You rightly cite biofuels as an example of green zealotry gone horribly wrong. If only it were the only one.
But how about the fact that, in the name of preserving the environment, the choicest parts of our magnificent British landscape are going to be ruined for generations by ugly, energy-inefficient, wind farms which are really little more than a means of transferring taxpayers’ money into the pockets of a few canny businessmen and pandering to EU bureaucracy but which will contribute nothing to our “energy security” because their power output is negligible?
How about the fact that thanks to the Climate Act we are expected to commit, in the middle of our direst economic crisis since the Great Depression, an annual £18 billion towards pointless green projects in order to deal with a problem that doesn’t actually exist?
You talk about “the science” Geoffrey, as if this were the place in which the solution lay. Again this is a fallacy. AGW has never been about “the science”, but about the corruption and debasement thereof. Try reading AW “Bishop Hill” Montford’s superb, gripping The Hockey Stick Illusion and then try to tell me, with a straight face, that the IPCC’s scaremongering reports have even the merest shred of integrity or that the cabal of activist scientists who have been pushing AGW since the mid-Eighties were simply honest disinterested parties on a noble quest for pure scientific truth.
Climategate (which you persist in telling us was of no significance, though on what basis you have never quite made clear), was merely the iceberg tip not only of the greatest scientific scandal in history, but also of perhaps the most far reaching and deadly conspiracy ever inflicted on mankind. One that could ultimately lead to the destruction of the global economy and, by extension, industrial civilisation.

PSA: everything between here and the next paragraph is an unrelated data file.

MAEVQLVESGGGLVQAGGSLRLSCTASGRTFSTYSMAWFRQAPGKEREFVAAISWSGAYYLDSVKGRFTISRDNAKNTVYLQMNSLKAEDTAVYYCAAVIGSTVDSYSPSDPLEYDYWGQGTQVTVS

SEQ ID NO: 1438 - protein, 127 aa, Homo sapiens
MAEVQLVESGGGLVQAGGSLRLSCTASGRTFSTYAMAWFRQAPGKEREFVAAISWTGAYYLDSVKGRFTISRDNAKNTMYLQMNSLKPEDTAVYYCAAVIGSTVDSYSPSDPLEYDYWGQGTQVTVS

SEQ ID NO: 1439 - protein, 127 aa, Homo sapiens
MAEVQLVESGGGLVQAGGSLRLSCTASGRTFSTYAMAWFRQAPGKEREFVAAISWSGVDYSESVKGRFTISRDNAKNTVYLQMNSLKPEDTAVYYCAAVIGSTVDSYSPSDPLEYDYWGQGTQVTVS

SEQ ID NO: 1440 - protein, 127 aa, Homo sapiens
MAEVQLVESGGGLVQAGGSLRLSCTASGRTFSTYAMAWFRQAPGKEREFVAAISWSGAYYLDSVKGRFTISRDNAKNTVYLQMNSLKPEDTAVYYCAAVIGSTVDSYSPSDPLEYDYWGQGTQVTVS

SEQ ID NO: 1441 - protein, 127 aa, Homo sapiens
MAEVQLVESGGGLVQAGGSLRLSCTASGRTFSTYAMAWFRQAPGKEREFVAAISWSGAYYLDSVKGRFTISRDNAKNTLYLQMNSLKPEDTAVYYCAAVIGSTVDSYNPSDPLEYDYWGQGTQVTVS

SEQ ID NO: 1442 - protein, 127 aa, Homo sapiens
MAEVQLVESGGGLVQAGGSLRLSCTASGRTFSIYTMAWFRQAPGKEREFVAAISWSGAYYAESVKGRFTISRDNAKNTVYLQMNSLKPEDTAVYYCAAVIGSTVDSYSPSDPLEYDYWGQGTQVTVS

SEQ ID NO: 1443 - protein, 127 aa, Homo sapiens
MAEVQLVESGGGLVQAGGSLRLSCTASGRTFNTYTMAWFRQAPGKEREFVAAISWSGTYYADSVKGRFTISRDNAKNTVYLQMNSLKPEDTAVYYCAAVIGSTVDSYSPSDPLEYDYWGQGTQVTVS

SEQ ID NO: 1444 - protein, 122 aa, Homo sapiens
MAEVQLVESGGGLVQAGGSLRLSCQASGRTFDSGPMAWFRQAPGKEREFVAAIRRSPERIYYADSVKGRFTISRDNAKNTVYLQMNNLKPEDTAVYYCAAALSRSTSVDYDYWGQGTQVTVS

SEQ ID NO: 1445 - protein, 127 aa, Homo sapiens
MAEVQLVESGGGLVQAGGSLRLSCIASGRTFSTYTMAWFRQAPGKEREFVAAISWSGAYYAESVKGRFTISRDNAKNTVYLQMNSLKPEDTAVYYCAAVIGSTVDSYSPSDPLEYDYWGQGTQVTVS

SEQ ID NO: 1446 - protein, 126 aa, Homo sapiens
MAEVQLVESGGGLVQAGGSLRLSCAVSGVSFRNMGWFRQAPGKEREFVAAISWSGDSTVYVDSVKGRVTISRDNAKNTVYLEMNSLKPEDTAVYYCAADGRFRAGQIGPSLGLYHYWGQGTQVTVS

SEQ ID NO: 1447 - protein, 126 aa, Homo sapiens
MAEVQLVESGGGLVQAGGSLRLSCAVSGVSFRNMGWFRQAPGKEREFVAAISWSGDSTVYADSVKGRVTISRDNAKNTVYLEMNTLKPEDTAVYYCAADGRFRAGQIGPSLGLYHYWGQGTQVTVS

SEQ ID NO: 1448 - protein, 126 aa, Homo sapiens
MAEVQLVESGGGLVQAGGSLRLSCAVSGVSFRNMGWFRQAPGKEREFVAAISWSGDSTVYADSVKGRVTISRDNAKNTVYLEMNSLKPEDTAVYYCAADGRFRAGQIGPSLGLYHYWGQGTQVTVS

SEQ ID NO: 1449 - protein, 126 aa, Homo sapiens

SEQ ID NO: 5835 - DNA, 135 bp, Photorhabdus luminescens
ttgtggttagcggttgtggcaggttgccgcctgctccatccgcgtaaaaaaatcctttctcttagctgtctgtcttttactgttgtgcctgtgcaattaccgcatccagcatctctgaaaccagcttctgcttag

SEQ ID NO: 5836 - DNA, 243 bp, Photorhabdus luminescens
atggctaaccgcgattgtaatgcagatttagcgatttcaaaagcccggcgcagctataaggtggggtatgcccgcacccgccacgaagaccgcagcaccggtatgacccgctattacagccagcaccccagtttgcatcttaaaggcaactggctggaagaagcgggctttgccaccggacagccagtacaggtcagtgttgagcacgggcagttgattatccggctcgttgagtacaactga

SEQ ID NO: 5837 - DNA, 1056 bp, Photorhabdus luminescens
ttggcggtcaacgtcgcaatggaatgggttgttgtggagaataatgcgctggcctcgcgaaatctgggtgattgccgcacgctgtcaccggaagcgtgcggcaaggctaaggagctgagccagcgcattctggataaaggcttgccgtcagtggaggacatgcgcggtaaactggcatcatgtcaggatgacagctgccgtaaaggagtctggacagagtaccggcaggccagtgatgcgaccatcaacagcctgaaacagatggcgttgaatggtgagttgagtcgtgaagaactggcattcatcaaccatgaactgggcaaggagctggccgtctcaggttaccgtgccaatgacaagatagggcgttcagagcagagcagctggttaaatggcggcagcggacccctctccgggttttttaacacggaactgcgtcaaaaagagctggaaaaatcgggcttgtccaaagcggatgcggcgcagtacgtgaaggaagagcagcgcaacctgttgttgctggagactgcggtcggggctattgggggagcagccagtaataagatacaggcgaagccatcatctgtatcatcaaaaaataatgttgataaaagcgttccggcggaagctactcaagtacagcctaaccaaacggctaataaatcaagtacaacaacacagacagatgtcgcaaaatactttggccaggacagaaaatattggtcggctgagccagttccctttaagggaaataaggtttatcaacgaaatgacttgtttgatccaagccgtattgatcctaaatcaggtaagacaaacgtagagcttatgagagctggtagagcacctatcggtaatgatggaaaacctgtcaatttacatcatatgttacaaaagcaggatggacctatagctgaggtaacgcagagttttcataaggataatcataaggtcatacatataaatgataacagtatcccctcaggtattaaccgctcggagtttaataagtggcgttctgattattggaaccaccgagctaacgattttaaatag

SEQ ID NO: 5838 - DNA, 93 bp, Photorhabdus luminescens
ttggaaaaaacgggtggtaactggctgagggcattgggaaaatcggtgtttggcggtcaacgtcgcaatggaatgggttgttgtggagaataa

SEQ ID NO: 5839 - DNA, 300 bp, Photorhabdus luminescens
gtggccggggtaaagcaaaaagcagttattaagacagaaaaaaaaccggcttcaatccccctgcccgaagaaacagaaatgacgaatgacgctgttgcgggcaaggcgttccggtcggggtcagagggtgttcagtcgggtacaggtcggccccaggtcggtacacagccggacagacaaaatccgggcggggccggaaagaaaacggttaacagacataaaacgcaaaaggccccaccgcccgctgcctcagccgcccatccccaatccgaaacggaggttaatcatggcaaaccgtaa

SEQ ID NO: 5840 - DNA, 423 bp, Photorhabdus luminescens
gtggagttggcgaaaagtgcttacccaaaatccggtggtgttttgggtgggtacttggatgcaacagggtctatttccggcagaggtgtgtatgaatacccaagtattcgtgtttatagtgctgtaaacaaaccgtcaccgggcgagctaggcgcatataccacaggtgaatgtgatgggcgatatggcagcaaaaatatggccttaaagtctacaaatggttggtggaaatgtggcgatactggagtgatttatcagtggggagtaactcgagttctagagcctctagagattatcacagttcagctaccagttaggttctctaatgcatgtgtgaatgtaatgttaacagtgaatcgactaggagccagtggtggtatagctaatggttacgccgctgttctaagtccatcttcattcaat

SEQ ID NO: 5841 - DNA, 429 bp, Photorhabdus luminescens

Yet here you are, telling us it can all be resolved if we only start talking a bit more nicely to one another. Well again I say this is not a moment for Tony-Blair-style triangulation. You rightly say that it is quite wrong to liken climate change denial to Holocaust denial. And the reason it’s wrong is because the Holocaust actually happened, whereas nobody is claiming that climate doesn’t change. The bone of contention is whether or not it is significantly, dangerously man-made.
What I don’t buy is the notion that in turn we sceptics should desist from calling the people on your side “eco-fascists” and “Nazis.” Why? The Nazis were the progenitors of the modern green movement and eco-fascism is exactly what organisations like the EU, the US’s Environmental Protection Agency (EPA), the current British government and the forthcoming Heath administration are trying to impose on their increasingly clued-up (and correspondingly sceptical) tax-paying, freedom-loving citizenry.
We love our world; we want our children and grandchildren to grow up with jobs and to be able to enjoy looking at landscapes which haven’t been destroyed by wind turbines; we understand that the richer an economy grows the more environmentally conscious it can afford to be. We believe in life, liberty and the pursuit of happiness. Your side, Geoffrey, does not.